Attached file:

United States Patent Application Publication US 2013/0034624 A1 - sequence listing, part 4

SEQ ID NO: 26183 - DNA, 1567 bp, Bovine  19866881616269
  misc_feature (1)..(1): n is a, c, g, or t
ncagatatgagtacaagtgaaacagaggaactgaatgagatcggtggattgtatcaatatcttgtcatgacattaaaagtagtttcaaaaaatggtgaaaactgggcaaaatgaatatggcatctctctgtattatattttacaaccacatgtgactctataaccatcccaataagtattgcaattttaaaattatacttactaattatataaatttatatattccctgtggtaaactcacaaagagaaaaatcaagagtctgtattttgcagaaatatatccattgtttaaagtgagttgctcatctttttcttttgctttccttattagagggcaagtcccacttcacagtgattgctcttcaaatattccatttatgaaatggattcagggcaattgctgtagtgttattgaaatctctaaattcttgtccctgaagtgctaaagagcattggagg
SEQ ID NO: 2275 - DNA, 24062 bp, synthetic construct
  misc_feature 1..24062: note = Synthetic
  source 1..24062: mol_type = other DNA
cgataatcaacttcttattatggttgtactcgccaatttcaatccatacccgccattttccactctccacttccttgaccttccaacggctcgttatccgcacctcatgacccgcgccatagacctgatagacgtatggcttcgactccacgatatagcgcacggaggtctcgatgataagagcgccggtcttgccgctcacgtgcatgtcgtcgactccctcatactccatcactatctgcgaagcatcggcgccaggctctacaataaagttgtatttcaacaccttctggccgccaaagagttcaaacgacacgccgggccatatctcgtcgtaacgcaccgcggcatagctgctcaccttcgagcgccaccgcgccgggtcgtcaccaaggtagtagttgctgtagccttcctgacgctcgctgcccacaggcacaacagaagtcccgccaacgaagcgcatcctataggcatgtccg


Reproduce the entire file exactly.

United States Patent Application Publication US 2013/0034624 A1 - sequence listing, part 4

SEQ ID NO: 26183 - DNA, 1567 bp, Bovine  19866881616269
  misc_feature (1)..(1): n is a, c, g, or t
ncagatatgagtacaagtgaaacagaggaactgaatgagatcggtggattgtatcaatatcttgtcatgacattaaaagtagtttcaaaaaatggtgaaaactgggcaaaatgaatatggcatctctctgtattatattttacaaccacatgtgactctataaccatcccaataagtattgcaattttaaaattatacttactaattatataaatttatatattccctgtggtaaactcacaaagagaaaaatcaagagtctgtattttgcagaaatatatccattgtttaaagtgagttgctcatctttttcttttgctttccttattagagggcaagtcccacttcacagtgattgctcttcaaatattccatttatgaaatggattcagggcaattgctgtagtgttattgaaatctctaaattcttgtccctgaagtgctaaagagcattggagg
SEQ ID NO: 2275 - DNA, 24062 bp, synthetic construct
  misc_feature 1..24062: note = Synthetic
  source 1..24062: mol_type = other DNA
cgataatcaacttcttattatggttgtactcgccaatttcaatccatacccgccattttccactctccacttccttgaccttccaacggctcgttatccgcacctcatgacccgcgccatagacctgatagacgtatggcttcgactccacgatatagcgcacggaggtctcgatgataagagcgccggtcttgccgctcacgtgcatgtcgtcgactccctcatactccatcactatctgcgaagcatcggcgccaggctctacaataaagttgtatttcaacaccttctggccgccaaagagttcaaacgacacgccgggccatatctcgtcgtaacgcaccgcggcatagctgctcaccttcgagcgccaccgcgccgggtcgtcaccaaggtagtagttgctgtagccttcctgacgctcgctgcccacaggcacaacagaagtcccgccaacgaagcgcatcctataggcatgtccg